Sansevieria Fernwood
Plant Care,  Propagation,  Rare Houseplants,  Succulents and Cacti

Sansevieria Fernwood

Welcome to our guide to the Sansevieria Fernwood all you need to know about care and propagation, including light, water, soil, temperature and humidity needs…

Sansevieria Fernwood Care Summary

Light needs:Bright indirect sunlight.
Watering needs:Water it once the soil is dry. 
Fertilizer:Low-nitrogen feed during spring and summer 
Soil:Sandy, well-draining.
Temperature:21°C-32°C (70°F-90°F).
Where to buy:Try our list of Rare Plant Shops.
Common issues:Overwatering.


Sansevieria Fernwood is an evergreen succulent native to Southern Asia and Africa. It features long, cylindrical leaves with stripes, ranging in color from green to yellow and white. This is an imressive and easy to keep plant.

See also: Succulent Soil, Succulent Propagation, Tigers Jaw Succulent, Sedum Clavatum, Dracaena Colorama, Echeveria Setosa (Mexican Firecracker), Sedum Sieboldii.

Light Needs

It thrives best in bright, indirect light. However, it can tolerate almost all lighting conditions, from full sun to partial shade. Do not place it under the scorching afternoon sun since that can cause the leaves to burn or turn crispy. It is a really easy going and adaptive succulent.

How Often To Water Sansevieria Fernwood

Given its origin in dry, rocky areas of Africa, it can tolerate drought well. Water it once or twice a week, only when you see the top layer of the soil dry. What you should be worried about is overwatering. It has an extremely low threshold for overwatering, causing root rot and various infections in the plant.


The good news is that the Snake plant is used to growing in soil low in nutrition, so you do not have to invest a lot in fertilizers. You can use a low-nitrogen fertilizer during the growth period in the spring and summer for optimum growth. For more see: Succulent Soil.


You should use a sandy, well-draining soil to ensure the roots don’t stand in water. You can either use a special cactus soil mix for it or use a normal potting mix and add drainage material such as perlite and sand to enhance the drainage.

When to Repot Sansevieria Fernwood

Repot it to a larger size when you see the roots coming out of the drainage holes. A terracotta pot works better compared to pure clay pots due to its fast-absorbing and well-draining nature. You should repot it during active growth in the spring and summer to minimise the damage.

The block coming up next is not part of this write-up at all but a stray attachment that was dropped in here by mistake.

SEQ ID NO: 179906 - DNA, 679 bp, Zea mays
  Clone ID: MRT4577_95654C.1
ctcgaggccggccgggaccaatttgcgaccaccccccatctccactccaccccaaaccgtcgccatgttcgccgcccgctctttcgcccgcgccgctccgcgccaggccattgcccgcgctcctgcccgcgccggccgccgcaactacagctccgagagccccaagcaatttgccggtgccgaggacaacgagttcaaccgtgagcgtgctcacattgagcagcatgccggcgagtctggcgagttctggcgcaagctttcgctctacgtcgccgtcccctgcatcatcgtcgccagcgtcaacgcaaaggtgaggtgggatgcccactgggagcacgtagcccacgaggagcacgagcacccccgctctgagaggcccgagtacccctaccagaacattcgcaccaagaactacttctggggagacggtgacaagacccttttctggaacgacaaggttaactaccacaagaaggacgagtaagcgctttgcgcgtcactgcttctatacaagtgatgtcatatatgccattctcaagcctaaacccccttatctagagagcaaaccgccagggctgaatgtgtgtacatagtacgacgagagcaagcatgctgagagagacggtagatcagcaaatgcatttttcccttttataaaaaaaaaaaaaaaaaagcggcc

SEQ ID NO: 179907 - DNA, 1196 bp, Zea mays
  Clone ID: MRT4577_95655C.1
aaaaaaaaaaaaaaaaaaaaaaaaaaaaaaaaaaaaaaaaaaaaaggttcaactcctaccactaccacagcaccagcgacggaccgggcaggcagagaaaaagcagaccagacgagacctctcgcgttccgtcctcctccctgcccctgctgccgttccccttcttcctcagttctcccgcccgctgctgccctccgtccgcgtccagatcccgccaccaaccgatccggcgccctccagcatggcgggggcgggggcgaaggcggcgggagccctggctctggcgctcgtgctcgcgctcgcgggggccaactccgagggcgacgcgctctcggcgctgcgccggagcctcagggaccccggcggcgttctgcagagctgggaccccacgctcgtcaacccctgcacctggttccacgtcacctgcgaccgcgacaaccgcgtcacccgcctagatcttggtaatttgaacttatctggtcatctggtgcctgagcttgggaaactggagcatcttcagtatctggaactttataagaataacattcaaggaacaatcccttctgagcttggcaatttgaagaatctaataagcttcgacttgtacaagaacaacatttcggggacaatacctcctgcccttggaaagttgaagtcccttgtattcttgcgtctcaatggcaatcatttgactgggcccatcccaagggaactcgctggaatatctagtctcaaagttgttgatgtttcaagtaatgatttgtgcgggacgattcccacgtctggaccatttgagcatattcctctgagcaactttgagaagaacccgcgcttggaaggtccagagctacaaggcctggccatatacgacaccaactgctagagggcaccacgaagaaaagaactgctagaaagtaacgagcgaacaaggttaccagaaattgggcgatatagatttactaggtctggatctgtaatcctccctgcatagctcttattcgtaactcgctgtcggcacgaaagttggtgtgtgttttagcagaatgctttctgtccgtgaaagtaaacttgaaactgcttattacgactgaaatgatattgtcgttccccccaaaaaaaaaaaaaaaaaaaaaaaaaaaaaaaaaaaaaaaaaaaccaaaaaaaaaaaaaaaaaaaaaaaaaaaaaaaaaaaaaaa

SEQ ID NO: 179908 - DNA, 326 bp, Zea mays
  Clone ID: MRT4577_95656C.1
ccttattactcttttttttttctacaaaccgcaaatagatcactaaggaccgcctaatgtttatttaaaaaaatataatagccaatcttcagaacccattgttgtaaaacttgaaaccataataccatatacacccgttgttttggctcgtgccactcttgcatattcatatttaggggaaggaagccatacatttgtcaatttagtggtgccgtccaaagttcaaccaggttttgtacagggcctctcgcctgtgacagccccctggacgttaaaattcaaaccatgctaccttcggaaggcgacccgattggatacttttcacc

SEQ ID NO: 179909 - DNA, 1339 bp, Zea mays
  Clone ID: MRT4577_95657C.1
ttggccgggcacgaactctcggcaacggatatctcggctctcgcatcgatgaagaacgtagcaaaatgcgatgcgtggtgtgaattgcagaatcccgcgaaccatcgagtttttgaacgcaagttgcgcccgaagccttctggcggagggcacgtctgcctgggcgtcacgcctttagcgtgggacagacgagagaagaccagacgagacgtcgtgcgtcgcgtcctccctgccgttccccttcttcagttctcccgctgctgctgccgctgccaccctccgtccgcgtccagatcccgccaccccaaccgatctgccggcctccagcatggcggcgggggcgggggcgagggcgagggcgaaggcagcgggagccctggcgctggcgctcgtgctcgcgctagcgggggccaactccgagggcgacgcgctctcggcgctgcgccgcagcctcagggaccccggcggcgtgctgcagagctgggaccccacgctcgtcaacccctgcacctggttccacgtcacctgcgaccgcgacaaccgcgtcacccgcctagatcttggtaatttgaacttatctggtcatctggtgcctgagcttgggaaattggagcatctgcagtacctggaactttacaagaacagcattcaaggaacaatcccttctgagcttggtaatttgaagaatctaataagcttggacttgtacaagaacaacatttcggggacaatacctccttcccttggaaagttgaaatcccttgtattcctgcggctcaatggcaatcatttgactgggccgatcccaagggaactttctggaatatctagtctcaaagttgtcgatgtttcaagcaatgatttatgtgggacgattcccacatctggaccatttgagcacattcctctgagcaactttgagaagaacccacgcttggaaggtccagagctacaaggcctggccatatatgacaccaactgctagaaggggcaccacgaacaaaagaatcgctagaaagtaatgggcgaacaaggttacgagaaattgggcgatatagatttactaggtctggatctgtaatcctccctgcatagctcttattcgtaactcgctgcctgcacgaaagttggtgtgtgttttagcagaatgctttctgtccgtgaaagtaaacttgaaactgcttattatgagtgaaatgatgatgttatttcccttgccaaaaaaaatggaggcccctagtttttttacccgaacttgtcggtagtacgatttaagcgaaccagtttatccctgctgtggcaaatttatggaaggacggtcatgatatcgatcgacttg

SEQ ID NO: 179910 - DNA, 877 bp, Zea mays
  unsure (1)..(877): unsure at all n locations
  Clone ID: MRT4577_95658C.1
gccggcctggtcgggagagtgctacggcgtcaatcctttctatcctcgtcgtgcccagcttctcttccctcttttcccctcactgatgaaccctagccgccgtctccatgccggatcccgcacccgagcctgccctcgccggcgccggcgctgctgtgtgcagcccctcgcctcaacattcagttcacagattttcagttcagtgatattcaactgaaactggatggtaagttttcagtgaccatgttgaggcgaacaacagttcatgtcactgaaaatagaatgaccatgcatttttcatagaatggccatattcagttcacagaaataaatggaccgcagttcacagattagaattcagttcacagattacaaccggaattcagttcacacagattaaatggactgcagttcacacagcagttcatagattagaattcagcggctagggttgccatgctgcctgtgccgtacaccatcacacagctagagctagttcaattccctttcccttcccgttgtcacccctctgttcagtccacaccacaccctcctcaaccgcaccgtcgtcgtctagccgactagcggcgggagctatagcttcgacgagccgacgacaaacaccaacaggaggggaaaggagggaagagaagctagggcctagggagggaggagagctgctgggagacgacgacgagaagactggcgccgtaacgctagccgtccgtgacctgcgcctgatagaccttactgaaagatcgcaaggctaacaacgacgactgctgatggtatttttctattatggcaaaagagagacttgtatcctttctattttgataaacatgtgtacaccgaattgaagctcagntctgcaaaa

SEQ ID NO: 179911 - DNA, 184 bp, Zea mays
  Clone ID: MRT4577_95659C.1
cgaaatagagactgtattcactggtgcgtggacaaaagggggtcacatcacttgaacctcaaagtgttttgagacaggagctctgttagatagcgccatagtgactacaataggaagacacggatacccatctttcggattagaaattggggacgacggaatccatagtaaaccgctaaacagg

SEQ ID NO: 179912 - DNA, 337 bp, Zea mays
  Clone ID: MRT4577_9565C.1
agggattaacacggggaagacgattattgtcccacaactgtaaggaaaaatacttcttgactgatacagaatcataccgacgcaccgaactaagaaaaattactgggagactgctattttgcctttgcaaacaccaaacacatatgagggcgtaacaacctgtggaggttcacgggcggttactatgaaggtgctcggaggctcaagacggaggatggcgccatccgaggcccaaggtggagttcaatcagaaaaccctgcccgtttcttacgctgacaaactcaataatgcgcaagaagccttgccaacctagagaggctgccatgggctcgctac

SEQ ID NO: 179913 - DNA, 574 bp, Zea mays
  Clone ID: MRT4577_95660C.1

Standard household air works fine if you do not live in a moist climate. This houseplant prefers dry conditions, and high humidity levels can cause root rot and fungal infections. Place it near a window with a ventilated atmosphere for optimum growth.


Ideally, it should be given 21°C-32°C (70°F-90°F) during the day and try not to let it get down to 10°C (50°F) at night.

How to Propagate Sansevieria Fernwood

There are various methods to propagate this beauty at home. You can use leaf cuttings, the rhizome method, or rooting it in water to get a new plant. While the easiest and most common method is rooting it in water, all of these are equally successful.

Sansevieria Fernwood Vs Mikado

The mikado is a type of Sansevieria Fernwood, it is smaller, more compact version.

Sansevieria Fernwood Vs Cylindrica

The cylindrica is much wider, there as the fernwood is thinner and slender.

Where To Buy

Try our list of Rare Plant Shops.

FAQs and Common Problems

Since this is a pretty hardy plant, you will not face any serious issues. The only thing you need to be mindful of is the watering intensity. It cannot tolerate overwatering, leading to issues like root rot which may cause the death of your plant. Spider mites and mealy bugs may causes issues, however, they can easily be dealt with by regular cleaning, see our guides here for more info: Red Spider Mites, Mealybugs On Plants.

Where should I place a Snake plant in my house?

They grow best in bright, indirect light, so placing them near any window works fine, especially a south facing one.

Is Sansevieria Fernwood Toxic To Cats

Yes, seek vets advice if eaten.

Other Articles You Might Like

There you have it, here ends our guide to this beautiful plant. You might also like our other articles:

Succulent Soil, Succulent Propagation, Tigers Jaw Succulent.

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Sansevieria Fernwood
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